Figure 7

Low plasma APC levels in TMpro mice during endotoxemia. Both TMpro mice (n = 4) and wild-type (WT, n = 5) mice (6 months old) were sacrificed 6 hours after LPS injection (5 mg/kg, intraperitoneal). Control mice received no injection (n = 4 in each group). The plasma APC levels were determined by immunocapture assay. Data are mean ± SD. *Statistical significance (P < .05). ***Statistical significance (P < .001).

Figure 7

Low plasma APC levels in TMpro mice during endotoxemia. Both TMpro mice (n = 4) and wild-type (WT, n = 5) mice (6 months old) were sacrificed 6 hours after LPS injection (5 mg/kg, intraperitoneal). Control mice received no injection (n = 4 in each group). The plasma APC levels were determined by immunocapture assay. Data are mean ± SD. *Statistical significance (P < .05). ***Statistical significance (P < .001).

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In the present study, we demonstrate, for the first time, that aging is accompanied by suppressed PC pathway activation during endotoxemia. When young and aged mice were given an equal dose of LPS (2.5 mg/kg), young mice showed no mortality (Figure 1), no significant fibrin formation (Figure 2A-D), but increased plasma APC levels (Figure 3A) and a modest temporal down-regulation of TM expression (Figures 4A-D, 5). In contrast, aged mice showed a high mortality rate (80%, Figure 1), significantly increased fibrin formation (Figure 2), no increase in plasma APC levels (Figure 3), and profound and sustained down-regulation of TM expression (Figures 45). We also compared young mice given a higher dose of LPS (20 mg/kg) with aged mice given the low dose of LPS (2.5 mg/kg). We did this comparison because these 2 groups showed very similar mortality rates (78% and 80%, Figure 1B) and degrees of hypothermia (27.4 ± 0.6°C and 26.5 ± 1.7°C, Figure 1C). Young mice with the high dose of LPS did not show significant fibrin formation (Figure 2E-F) but showed increased plasma APC levels (Figure 3B) and TM expression, which was significantly higher than that in aged mice with the low dose of LPS (Figure 4E-F). The significantly increased coagulation and suppressed PC pathway activation seen in aged mice were not observed in either young mouse group regardless of the severity of endotoxemia, indicating that such intense coagulation and suppression of PC pathway activation are an age-dependent phenomenon; the high levels of plasma APC in young mice with a lethal dose of LPS excludes the possibility that suppressed PC pathway activation in aged mice is a result of lethality.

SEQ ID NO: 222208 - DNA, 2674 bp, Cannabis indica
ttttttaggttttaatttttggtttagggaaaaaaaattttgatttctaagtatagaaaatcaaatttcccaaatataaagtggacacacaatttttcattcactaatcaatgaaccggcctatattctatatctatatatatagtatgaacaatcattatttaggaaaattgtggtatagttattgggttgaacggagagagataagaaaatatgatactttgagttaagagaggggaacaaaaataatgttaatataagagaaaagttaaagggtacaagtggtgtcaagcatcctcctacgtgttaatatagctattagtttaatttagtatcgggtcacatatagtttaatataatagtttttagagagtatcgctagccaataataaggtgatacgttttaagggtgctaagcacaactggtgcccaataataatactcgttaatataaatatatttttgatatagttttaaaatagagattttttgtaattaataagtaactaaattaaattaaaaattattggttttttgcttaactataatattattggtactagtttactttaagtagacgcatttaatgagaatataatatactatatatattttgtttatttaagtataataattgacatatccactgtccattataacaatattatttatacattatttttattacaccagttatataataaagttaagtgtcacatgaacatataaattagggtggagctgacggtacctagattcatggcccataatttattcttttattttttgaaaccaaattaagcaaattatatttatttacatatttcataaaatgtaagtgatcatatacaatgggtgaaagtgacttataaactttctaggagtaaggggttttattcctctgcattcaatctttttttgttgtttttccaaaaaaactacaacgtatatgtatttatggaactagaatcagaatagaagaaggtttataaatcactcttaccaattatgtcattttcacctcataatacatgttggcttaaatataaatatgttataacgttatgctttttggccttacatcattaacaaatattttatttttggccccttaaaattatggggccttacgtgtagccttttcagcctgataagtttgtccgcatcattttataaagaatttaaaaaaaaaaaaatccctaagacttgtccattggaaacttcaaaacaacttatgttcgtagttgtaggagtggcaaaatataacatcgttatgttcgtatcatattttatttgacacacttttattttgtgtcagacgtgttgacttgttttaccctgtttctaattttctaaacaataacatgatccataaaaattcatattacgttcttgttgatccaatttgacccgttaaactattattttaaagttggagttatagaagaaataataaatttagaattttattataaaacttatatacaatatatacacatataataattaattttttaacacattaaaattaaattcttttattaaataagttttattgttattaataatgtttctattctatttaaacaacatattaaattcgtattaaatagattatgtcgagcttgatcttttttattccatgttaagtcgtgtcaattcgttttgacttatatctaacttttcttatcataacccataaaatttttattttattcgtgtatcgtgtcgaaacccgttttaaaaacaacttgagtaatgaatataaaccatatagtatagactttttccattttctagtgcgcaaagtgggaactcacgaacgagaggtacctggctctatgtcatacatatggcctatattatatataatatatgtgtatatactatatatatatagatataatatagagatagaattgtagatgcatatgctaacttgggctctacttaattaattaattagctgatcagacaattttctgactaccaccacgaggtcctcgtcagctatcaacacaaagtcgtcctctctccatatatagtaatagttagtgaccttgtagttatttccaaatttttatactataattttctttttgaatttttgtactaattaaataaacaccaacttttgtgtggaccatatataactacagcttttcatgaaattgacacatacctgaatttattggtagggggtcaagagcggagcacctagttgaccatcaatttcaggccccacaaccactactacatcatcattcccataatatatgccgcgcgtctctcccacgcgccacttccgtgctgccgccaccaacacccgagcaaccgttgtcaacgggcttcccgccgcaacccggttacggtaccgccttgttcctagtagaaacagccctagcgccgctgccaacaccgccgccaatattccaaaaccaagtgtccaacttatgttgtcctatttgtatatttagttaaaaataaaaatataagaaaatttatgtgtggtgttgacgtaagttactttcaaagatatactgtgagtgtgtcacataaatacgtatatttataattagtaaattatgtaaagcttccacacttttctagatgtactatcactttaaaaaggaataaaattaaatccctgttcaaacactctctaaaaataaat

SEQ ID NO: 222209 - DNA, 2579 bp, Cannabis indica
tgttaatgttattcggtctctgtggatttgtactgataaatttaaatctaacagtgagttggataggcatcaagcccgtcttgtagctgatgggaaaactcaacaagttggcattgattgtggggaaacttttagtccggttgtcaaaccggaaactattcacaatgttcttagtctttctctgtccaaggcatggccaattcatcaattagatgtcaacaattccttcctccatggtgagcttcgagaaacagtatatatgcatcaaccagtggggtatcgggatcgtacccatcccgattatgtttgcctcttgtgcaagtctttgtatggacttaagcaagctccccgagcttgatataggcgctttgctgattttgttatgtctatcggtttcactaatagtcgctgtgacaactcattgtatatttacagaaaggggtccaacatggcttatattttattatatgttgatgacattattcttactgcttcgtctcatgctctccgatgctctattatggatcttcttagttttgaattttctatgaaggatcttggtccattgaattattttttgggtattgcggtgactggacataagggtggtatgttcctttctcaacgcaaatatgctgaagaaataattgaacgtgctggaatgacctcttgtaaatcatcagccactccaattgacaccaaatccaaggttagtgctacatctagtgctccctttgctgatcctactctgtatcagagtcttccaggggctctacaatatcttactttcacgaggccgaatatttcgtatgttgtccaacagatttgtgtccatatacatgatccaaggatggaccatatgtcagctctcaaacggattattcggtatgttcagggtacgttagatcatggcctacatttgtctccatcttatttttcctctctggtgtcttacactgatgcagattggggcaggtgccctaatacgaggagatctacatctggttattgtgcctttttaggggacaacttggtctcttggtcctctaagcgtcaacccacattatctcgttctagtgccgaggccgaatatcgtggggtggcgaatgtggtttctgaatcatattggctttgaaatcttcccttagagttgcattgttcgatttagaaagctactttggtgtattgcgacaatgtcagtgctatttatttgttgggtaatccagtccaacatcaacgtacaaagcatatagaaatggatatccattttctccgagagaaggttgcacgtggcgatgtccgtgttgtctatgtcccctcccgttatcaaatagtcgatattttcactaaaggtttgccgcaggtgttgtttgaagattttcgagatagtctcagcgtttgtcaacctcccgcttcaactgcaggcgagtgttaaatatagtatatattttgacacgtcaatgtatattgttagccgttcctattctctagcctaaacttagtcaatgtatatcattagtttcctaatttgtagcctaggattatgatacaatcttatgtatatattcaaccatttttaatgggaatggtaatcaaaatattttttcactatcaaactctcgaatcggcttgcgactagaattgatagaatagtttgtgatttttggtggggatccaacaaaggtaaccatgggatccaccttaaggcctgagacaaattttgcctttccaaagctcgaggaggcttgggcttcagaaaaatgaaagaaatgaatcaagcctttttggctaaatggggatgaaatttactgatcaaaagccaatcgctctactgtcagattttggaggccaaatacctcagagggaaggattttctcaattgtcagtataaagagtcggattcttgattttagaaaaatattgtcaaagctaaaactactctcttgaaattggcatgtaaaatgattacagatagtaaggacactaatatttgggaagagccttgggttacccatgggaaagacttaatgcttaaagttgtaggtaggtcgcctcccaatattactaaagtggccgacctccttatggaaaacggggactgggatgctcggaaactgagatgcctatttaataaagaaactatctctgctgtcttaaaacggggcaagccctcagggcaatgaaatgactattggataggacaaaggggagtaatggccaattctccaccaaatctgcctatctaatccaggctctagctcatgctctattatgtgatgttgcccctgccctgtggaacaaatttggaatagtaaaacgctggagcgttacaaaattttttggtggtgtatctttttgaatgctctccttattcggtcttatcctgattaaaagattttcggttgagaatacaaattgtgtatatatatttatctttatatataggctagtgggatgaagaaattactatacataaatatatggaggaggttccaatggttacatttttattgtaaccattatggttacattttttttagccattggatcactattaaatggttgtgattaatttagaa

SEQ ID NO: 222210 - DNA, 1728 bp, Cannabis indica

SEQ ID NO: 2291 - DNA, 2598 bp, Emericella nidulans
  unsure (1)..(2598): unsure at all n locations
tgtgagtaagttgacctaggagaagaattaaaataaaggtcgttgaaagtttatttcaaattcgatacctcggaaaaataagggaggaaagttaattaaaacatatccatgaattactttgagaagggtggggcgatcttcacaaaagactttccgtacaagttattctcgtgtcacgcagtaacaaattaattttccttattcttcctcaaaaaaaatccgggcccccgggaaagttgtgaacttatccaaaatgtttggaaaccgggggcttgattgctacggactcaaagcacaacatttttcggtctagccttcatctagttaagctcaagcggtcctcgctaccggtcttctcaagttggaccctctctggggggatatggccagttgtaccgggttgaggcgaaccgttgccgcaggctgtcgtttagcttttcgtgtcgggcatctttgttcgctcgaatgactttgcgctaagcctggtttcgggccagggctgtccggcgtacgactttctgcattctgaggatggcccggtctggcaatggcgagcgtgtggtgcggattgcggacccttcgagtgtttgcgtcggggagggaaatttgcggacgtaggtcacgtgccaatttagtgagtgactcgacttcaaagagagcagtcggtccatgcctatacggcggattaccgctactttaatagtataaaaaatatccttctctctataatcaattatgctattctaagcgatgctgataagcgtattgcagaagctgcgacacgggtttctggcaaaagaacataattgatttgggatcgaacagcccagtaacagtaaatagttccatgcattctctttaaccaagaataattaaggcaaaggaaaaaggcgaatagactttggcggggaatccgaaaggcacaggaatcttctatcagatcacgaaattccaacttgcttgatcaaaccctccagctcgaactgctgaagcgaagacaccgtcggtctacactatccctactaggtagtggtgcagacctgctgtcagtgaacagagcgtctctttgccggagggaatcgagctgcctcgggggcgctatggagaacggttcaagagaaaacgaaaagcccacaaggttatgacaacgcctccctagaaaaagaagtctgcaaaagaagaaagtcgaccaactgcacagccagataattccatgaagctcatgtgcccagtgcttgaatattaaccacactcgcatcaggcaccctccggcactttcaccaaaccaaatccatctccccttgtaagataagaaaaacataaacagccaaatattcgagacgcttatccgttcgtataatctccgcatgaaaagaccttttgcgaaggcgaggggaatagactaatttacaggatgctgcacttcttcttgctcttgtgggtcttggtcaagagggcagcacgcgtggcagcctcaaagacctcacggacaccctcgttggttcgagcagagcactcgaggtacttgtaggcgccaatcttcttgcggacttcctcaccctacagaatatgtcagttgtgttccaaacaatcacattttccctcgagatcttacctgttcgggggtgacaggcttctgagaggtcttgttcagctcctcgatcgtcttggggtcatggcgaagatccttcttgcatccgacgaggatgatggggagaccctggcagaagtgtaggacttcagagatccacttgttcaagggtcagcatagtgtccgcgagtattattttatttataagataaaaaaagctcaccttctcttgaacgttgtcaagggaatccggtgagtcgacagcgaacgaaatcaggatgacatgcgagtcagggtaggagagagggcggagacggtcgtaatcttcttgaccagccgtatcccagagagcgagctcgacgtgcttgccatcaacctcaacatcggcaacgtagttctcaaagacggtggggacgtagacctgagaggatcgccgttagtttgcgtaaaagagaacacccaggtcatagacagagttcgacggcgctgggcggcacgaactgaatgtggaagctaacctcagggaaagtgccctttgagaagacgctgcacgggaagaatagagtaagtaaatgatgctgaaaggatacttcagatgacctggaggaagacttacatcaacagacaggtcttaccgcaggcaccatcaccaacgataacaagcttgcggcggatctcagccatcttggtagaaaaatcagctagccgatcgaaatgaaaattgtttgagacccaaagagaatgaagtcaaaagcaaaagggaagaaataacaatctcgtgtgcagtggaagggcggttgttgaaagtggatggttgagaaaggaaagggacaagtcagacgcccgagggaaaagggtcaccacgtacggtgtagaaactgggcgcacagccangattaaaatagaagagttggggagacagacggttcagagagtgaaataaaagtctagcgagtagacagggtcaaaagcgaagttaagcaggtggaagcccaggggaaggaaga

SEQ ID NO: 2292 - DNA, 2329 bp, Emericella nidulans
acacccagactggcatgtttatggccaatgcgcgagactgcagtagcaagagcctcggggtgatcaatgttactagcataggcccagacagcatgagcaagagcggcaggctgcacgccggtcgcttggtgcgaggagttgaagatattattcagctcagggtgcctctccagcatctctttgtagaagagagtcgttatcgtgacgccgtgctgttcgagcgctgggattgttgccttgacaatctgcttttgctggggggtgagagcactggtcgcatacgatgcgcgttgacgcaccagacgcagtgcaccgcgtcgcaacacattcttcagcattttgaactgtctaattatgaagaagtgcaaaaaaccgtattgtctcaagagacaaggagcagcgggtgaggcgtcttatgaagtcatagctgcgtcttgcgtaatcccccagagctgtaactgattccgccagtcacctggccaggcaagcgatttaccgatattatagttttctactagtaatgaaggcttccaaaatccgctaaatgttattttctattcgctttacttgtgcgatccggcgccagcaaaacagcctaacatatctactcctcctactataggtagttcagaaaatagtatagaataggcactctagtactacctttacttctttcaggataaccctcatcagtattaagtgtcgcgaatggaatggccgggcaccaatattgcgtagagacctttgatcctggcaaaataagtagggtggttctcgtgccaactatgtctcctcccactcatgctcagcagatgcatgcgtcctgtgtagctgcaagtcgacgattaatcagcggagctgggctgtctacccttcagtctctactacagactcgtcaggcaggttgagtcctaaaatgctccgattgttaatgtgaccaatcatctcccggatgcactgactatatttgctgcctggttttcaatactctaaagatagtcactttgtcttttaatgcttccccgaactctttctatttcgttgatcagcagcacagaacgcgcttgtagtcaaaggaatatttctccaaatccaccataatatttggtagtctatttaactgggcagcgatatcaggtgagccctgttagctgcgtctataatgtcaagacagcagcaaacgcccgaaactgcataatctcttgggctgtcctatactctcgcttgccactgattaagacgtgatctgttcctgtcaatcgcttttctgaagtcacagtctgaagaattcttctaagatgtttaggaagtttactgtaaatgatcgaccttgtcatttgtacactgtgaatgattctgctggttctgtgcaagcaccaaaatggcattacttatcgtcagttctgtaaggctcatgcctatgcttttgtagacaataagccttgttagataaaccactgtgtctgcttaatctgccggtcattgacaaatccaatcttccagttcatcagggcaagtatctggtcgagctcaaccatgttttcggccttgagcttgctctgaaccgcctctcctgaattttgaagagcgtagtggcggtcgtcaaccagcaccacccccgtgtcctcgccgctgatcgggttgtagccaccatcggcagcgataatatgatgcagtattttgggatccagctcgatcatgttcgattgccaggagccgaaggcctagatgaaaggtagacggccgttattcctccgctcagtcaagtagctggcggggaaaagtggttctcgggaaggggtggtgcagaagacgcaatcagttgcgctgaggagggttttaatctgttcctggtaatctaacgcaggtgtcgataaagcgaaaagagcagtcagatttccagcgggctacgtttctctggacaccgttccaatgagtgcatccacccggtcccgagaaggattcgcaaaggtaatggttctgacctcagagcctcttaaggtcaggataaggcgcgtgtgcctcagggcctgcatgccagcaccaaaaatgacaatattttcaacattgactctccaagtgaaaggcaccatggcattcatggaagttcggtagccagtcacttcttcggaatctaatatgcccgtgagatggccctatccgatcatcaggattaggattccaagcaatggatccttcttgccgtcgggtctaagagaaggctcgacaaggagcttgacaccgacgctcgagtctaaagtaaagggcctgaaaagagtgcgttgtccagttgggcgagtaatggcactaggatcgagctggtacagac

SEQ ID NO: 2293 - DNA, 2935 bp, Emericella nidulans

In Figure 2, we show that aged animals are extremely more prone to coagulation during systemic inflammation than young animals. Thrombosis does not appear to be the cause of death in young mice with the lethal high dose of LPS (20 mg/kg), as demonstrated by lack of significant fibrin formation. In contrast, it is highly probable that the majority of aged mice died with thrombosis after injection with the lower dose of LPS (2.5 mg/kg).

Indeed, 40% of aged mice but no young mice died within 24 hours of LPS injection, although they showed equivalent mortality rates after 7 days (Figure 1B). The early death of those aged mice reflects acute coagulation found only in the aged mouse group 6 to 12 hours after LPS injection. The difference in intensity of fibrin formation seen in aged mice (Figure 2C-D) may indicate a variable outcome with respect to mortality. Although there is no direct evidence that increased thrombosis in aged mice is the main cause of mortality, Ely et al reported that recombinant APC administration to patients with sepsis was more effective in terms of short- and long-term survival for elderly patients than for young patients,33  consistent with the premise that thrombosis during systemic inflammation is a major contributing factor for mortality in the aged.